Exercise (Merge Sort): (Reference: Wikipedia "Merge Sort") [TODO] Exercise (Heap Sort): (Reference: Wikipedia "Heap Sort") [TODO] Exercise (Perfect and Deficient Numbers): A positive integer is called a perfect number if the sum of all its factors (excluding the number itself, i.e., proper divisor) is equal to its value.

Using the methods, write a program called PerfectNumberList that prompts user for an upper bound (a positive integer), and lists all the perfect numbers less than or equal to this upper bound.

The output shall look like: Hints: To check if a number n is a prime, the simplest way is try dividing n by 2 to √n.

Exercise (Prime Factors): Write a method isProductOfPrimeFactors(int posInt) that takes a positive integer, and return true if the product of all its prime factors (excluding 1 and the number itself) is equal to its value.

Assume that a and b are positive integers, and a≥b, the Euclid algorithm is based on these two properties: For example, The pseudocode for the Euclid algorithm is as follows: Write a method called gcd() with the following signature: Your methods shall handle arbitrary values of a and b, and check for validity.

- On 6. oktober 2018
- By Read More

## Check divisibility by 7

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// A Program to check whether a number is divisible by 7 #include <stdio.h> int isDivisibleBy7( int num ) {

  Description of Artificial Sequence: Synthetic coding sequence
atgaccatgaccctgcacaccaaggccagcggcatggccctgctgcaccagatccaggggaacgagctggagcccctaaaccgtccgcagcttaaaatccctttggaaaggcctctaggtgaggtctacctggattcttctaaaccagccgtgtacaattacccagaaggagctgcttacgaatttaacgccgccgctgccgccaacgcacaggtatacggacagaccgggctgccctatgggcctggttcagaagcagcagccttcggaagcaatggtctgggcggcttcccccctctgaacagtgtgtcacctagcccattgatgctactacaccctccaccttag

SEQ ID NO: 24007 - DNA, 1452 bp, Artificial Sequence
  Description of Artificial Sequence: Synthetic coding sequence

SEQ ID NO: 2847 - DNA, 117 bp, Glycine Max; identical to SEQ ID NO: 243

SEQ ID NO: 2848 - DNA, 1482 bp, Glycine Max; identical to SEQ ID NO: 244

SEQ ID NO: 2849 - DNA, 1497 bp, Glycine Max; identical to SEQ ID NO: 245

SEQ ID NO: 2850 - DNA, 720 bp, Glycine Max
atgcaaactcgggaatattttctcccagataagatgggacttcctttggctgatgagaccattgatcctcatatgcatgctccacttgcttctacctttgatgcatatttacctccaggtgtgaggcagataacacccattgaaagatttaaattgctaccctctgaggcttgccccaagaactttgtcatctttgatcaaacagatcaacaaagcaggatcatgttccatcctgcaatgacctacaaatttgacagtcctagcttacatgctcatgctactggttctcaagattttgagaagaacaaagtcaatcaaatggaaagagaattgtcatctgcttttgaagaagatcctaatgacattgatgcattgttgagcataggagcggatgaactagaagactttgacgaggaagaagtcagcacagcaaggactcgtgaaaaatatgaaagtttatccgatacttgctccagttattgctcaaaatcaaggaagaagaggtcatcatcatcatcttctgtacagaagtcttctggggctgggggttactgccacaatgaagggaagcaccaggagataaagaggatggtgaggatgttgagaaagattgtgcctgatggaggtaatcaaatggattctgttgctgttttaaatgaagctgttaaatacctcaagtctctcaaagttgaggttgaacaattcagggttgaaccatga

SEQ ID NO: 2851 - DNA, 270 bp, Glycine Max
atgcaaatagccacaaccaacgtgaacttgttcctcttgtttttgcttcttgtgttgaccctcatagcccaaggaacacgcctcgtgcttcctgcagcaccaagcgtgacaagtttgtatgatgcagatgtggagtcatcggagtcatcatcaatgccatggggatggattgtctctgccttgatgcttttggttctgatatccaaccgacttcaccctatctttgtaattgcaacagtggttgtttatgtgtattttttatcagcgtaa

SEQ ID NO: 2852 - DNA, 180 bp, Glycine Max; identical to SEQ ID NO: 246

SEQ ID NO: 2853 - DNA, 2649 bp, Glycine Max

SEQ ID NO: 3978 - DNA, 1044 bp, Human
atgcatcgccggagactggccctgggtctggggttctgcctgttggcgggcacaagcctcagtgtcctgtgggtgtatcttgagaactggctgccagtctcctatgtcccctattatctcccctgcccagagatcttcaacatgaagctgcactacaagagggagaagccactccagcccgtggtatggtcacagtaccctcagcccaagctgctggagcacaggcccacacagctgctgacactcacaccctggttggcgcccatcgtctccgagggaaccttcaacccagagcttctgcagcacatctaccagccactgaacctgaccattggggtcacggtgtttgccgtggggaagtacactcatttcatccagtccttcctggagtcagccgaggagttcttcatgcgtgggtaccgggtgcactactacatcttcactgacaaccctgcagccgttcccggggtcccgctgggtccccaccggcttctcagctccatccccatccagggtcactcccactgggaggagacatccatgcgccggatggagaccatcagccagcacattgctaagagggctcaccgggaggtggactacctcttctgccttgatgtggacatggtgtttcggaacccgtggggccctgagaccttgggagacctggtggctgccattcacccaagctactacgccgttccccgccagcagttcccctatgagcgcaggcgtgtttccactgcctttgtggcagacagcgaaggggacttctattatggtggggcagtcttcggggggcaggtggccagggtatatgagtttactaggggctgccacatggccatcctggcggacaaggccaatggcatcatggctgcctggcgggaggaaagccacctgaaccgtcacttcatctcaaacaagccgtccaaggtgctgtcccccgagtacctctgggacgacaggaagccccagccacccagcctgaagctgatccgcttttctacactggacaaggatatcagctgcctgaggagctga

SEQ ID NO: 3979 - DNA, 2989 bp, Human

// Recur for ( num / 10 - 2 * num % 10 )

return isDivisibleBy7( num / 10 - 2 * ( num - num / 10 * 10 ) );

// Function to check whether a number is divisible by 7 static boolean isDivisibleBy7(int num) { // If number is negative, make it positive if( num <

return isDivisibleBy7( num / 10 - 2 * ( num - num / 10 * 10 ) );

Python program to check whether a number is divisible by 7 # Function to check whether a number is divisible by 7 def isDivisibleBy7(num) : # If number is negative, make it positive if num <

0 : return isDivisibleBy7( -num ) # Base cases if( num == 0 or num == 7 ) : return True if(

return isDivisibleBy7( num / 10 - 2 * ( num - num / 10 * 10 ) ) # Driver program num = 616 if(isDivisibleBy7(num))

class GFG { // Function to check whether a // number is divisible by 7 static bool isDivisibleBy7(int num) { // If number is negative,

// PHP Program to check whether // a number is divisible by 7 // Function to check whether a // number is divisible by 7 function isDivisibleBy7( $num ) {

After observing that 7 divides 21, we can perform the following: after multiplying by 2, this becomes and then Eliminating the multiple of 21 gives and multiplying by -1 gives There are other interesting methods to check divisibility by 7 and other numbers.

- On 17. september 2021